Students more political through dialogue than protests

Occupy Wall Street, a protest that began in New York in September, has ignited protests across the United States. Students in cities like Boston, Baltimore, Chicago and Los Angeles have joined the cause, yet the USC campus appears to be missing the excitement.

Two USC students, inspired by the Occupy Wall Street protests, staged a sleep-in in front of Tommy Trojan on Monday, but their fellow Trojans were nowhere in sight.

Speaking up · Last semester students on campus protested the content of a controversial email that had circulated within the Greek community. - Matthew Wunderlich | Daily Trojan

This trend is not unique to the USC community, according to Daniel Schnur, director of the Jesse M. Unruh Institute. Though young people are often the force behind political change abroad, as demonstrated by the Tunisian, Egyptian and Libyan revolutions, in the United States, older people have taken the reins.

“Unlike the anti-war protests about Vietnam, which elicited a broad base of college student support, today’s wave of protests are focused towards an older generation,” Schnur said.

Schnur suggested most protests seen in this country, such as the Tea Party demonstrations, pertain to an older demographic and therefore have little impact on the USC campus.

“This is not to say that USC students won’t be involved in the future, but right now the issues seem to be targeting other people” Schnur said.

Schnur suggested USC students find other ways to become involved in political and social movements.

“Since I’ve been at USC, I’ve seen students volunteer in community-based activity, which is just as accurate an indicator in political involvement as voter registration and protests,” Schnur said.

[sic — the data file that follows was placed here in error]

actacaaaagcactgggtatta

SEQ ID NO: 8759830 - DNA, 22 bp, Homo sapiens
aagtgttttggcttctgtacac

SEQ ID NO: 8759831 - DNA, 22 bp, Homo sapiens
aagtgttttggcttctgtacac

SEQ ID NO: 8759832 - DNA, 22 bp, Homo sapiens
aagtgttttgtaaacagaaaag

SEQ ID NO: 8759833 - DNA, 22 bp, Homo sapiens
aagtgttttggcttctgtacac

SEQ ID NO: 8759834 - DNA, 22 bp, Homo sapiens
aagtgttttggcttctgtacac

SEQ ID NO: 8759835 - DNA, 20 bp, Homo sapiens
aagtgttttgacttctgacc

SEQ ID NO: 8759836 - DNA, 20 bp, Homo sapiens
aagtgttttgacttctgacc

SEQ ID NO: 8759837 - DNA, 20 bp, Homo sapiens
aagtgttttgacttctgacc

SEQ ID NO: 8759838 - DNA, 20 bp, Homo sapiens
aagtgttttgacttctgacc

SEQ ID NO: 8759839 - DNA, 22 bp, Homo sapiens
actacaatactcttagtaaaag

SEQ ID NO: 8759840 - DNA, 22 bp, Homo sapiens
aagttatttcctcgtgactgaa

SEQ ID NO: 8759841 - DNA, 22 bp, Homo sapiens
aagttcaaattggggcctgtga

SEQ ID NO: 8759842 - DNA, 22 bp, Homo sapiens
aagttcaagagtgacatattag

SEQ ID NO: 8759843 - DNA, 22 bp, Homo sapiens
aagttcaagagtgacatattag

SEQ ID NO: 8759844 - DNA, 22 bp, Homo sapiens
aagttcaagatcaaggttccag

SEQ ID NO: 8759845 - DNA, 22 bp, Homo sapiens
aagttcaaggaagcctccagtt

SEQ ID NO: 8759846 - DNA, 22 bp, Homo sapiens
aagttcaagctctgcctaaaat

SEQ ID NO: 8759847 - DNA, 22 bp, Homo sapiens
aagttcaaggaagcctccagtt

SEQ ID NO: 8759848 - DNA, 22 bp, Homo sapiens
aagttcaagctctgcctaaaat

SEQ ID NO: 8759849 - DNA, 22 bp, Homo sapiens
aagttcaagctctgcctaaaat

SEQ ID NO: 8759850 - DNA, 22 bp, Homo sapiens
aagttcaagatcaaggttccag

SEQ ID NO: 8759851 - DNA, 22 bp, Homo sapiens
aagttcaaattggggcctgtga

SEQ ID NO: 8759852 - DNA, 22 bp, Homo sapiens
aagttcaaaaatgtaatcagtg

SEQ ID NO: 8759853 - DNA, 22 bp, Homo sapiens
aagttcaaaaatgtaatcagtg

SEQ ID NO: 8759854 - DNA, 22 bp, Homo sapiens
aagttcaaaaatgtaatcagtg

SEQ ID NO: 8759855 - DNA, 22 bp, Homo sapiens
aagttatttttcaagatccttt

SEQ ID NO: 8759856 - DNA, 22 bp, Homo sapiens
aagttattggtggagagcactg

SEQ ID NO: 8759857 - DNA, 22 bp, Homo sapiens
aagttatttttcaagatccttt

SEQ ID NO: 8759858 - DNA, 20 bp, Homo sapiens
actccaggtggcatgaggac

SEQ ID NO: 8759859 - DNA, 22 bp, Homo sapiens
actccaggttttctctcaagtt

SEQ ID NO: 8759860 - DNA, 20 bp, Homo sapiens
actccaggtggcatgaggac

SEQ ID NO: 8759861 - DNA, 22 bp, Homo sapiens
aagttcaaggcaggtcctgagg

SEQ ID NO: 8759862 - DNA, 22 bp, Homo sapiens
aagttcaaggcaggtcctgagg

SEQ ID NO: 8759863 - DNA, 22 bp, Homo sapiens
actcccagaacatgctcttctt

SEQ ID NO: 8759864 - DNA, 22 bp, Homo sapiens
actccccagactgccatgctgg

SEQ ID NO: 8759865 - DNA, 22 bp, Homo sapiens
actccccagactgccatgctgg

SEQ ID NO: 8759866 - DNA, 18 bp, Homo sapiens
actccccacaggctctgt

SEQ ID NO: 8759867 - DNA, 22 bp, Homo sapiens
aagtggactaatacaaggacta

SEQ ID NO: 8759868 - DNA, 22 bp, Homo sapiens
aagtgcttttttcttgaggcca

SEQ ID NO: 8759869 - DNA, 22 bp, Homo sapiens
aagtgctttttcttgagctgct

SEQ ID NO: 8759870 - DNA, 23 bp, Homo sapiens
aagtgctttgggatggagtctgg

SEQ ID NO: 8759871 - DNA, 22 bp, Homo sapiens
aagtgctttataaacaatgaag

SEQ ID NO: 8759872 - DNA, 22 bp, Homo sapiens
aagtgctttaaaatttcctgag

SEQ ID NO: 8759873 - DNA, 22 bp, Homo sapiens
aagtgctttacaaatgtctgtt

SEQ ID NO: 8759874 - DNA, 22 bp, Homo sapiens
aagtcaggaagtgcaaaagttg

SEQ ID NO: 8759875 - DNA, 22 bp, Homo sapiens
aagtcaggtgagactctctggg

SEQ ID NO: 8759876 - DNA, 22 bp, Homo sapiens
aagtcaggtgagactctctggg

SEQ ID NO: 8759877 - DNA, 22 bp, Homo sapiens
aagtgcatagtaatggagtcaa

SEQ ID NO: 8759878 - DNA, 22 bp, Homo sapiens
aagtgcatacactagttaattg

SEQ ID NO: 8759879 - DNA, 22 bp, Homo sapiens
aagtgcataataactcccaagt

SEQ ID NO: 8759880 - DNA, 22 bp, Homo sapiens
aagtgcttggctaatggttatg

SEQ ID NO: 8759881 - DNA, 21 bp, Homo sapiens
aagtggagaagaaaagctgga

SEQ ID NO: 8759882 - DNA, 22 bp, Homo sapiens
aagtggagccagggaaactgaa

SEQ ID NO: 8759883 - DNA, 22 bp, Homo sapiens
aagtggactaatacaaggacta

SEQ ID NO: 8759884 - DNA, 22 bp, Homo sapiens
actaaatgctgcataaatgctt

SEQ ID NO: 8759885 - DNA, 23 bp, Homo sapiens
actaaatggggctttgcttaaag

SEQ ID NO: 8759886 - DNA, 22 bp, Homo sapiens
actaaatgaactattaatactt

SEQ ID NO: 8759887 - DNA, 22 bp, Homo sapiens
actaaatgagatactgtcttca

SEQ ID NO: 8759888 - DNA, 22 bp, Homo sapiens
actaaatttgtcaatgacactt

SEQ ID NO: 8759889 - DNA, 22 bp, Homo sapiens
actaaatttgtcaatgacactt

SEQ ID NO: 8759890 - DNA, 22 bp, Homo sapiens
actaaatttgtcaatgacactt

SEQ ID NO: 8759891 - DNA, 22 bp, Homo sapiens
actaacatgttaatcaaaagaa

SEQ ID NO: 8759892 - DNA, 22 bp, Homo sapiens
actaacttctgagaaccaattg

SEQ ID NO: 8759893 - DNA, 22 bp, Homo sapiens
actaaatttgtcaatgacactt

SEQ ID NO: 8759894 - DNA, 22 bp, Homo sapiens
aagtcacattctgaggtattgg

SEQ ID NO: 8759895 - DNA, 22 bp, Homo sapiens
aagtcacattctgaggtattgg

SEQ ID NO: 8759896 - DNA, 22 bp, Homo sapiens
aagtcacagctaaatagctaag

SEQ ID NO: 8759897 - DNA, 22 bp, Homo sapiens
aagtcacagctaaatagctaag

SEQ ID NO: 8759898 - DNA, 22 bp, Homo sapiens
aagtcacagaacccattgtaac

USC and its affiliated institutions administer 260 community service programs. These programs serve more than 600,000 people and provide volunteer opportunities for more than 22,000 USC students, faculty, staff and alumni each year. Volunteers contribute more than 900,000 community service hours annually, according to the USC Volunteer Center.

Bertrand Perdomo, a senior majoring in public policy, management and planning, has protested against issues such as the passage of Arizona’s Senate Bill 1070, which requires immigrants residing in Arizona to carry proper documentation. Perdomo, however, does not consider himself to be politically active in a traditional sense.

“[Protesting] is not our style, as a school and sometimes it’s looked down upon,” Perdomo said. “USC has a great culture of having discussions and panels and I think their approach is discussion-based.”

Perdomo said there are ways to get USC students more involved through open dialogue.

“We need to encourage a dialogue,” Perdomo said. “People need to have an OK environment to say, ‘Hey, look, this is how I view the world.’ I know it’s not that popular among the people here, but this is how I view it and this is why.’”

Perdomo said being on campus can make it seem like national issues don’t affect students.

“USC can sometimes feel cut-off from the outside world,” said Tanja Venstad, a junior majoring in international relations and psychology. “The university is so invested in its own backyard that it is easy to get wrapped up in the USC community and forget about what happens beyond it .”

7 replies
  1. Quyennnl
    Quyennnl says:

    I didn’t read all the comments below, but I do agree with the general consensus that we’re in a bubble at USC. Although there are many students on campus who are not from wealth, the majority are. University-sponsored discussion panels have a place, but they can’t replace protests.